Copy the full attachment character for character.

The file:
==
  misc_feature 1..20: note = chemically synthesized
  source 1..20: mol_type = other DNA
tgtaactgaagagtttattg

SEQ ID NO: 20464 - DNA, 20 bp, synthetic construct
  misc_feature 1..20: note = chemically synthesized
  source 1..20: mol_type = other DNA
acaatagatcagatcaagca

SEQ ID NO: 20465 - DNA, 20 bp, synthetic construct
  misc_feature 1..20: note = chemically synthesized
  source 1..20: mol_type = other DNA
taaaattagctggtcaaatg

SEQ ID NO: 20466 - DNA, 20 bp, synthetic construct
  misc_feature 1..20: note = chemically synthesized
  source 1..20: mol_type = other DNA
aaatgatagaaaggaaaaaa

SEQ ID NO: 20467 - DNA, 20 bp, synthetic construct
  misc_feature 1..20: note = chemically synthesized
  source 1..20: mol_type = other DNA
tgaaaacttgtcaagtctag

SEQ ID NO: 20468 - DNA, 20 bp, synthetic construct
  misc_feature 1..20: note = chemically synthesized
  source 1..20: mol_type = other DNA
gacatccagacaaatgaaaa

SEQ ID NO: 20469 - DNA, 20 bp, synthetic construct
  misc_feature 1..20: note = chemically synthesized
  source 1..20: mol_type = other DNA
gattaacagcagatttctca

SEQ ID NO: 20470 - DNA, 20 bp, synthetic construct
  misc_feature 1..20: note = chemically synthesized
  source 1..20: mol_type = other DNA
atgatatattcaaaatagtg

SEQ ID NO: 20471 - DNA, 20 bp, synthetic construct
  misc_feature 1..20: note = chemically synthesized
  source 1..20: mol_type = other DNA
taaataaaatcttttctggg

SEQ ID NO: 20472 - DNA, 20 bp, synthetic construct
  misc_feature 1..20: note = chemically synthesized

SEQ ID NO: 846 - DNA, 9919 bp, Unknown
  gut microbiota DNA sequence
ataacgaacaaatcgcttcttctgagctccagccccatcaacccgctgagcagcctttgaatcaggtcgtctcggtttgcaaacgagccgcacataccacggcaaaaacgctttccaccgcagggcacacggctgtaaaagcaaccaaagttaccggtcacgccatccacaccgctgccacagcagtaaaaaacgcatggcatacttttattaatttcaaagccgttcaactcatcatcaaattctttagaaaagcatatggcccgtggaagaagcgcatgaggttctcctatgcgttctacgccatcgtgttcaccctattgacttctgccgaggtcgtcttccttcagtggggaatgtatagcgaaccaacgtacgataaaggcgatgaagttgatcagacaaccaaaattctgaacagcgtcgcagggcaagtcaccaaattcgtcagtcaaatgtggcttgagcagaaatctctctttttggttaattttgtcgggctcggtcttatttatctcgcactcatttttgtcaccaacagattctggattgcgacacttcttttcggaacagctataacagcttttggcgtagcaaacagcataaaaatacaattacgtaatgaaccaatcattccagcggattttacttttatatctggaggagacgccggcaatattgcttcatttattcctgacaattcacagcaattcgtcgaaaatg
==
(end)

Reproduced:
  misc_feature 1..20: note = chemically synthesized
  source 1..20: mol_type = other DNA
tgtaactgaagagtttattg

SEQ ID NO: 20464 - DNA, 20 bp, synthetic construct
  misc_feature 1..20: note = chemically synthesized
  source 1..20: mol_type = other DNA
acaatagatcagatcaagca

SEQ ID NO: 20465 - DNA, 20 bp, synthetic construct
  misc_feature 1..20: note = chemically synthesized
  source 1..20: mol_type = other DNA
taaaattagctggtcaaatg

SEQ ID NO: 20466 - DNA, 20 bp, synthetic construct
  misc_feature 1..20: note = chemically synthesized
  source 1..20: mol_type = other DNA
aaatgatagaaaggaaaaaa

SEQ ID NO: 20467 - DNA, 20 bp, synthetic construct
  misc_feature 1..20: note = chemically synthesized
  source 1..20: mol_type = other DNA
tgaaaacttgtcaagtctag

SEQ ID NO: 20468 - DNA, 20 bp, synthetic construct
  misc_feature 1..20: note = chemically synthesized
  source 1..20: mol_type = other DNA
gacatccagacaaatgaaaa

SEQ ID NO: 20469 - DNA, 20 bp, synthetic construct
  misc_feature 1..20: note = chemically synthesized
  source 1..20: mol_type = other DNA
gattaacagcagatttctca

SEQ ID NO: 20470 - DNA, 20 bp, synthetic construct
  misc_feature 1..20: note = chemically synthesized
  source 1..20: mol_type = other DNA
atgatatattcaaaatagtg

SEQ ID NO: 20471 - DNA, 20 bp, synthetic construct
  misc_feature 1..20: note = chemically synthesized
  source 1..20: mol_type = other DNA
taaataaaatcttttctggg

SEQ ID NO: 20472 - DNA, 20 bp, synthetic construct
  misc_feature 1..20: note = chemically synthesized

SEQ ID NO: 846 - DNA, 9919 bp, Unknown
  gut microbiota DNA sequence
ataacgaacaaatcgcttcttctgagctccagccccatcaacccgctgagcagcctttgaatcaggtcgtctcggtttgcaaacgagccgcacataccacggcaaaaacgctttccaccgcagggcacacggctgtaaaagcaaccaaagttaccggtcacgccatccacaccgctgccacagcagtaaaaaacgcatggcatacttttattaatttcaaagccgttcaactcatcatcaaattctttagaaaagcatatggcccgtggaagaagcgcatgaggttctcctatgcgttctacgccatcgtgttcaccctattgacttctgccgaggtcgtcttccttcagtggggaatgtatagcgaaccaacgtacgataaaggcgatgaagttgatcagacaaccaaaattctgaacagcgtcgcagggcaagtcaccaaattcgtcagtcaaatgtggcttgagcagaaatctctctttttggttaattttgtcgggctcggtcttatttatctcgcactcatttttgtcaccaacagattctggattgcgacacttcttttcggaacagctataacagcttttggcgtagcaaacagcataaaaatacaattacgtaatgaaccaatcattccagcggattttacttttatatctggaggagacgccggcaatattgcttcatttattcctgacaattcacagcaattcgtcgaaaatg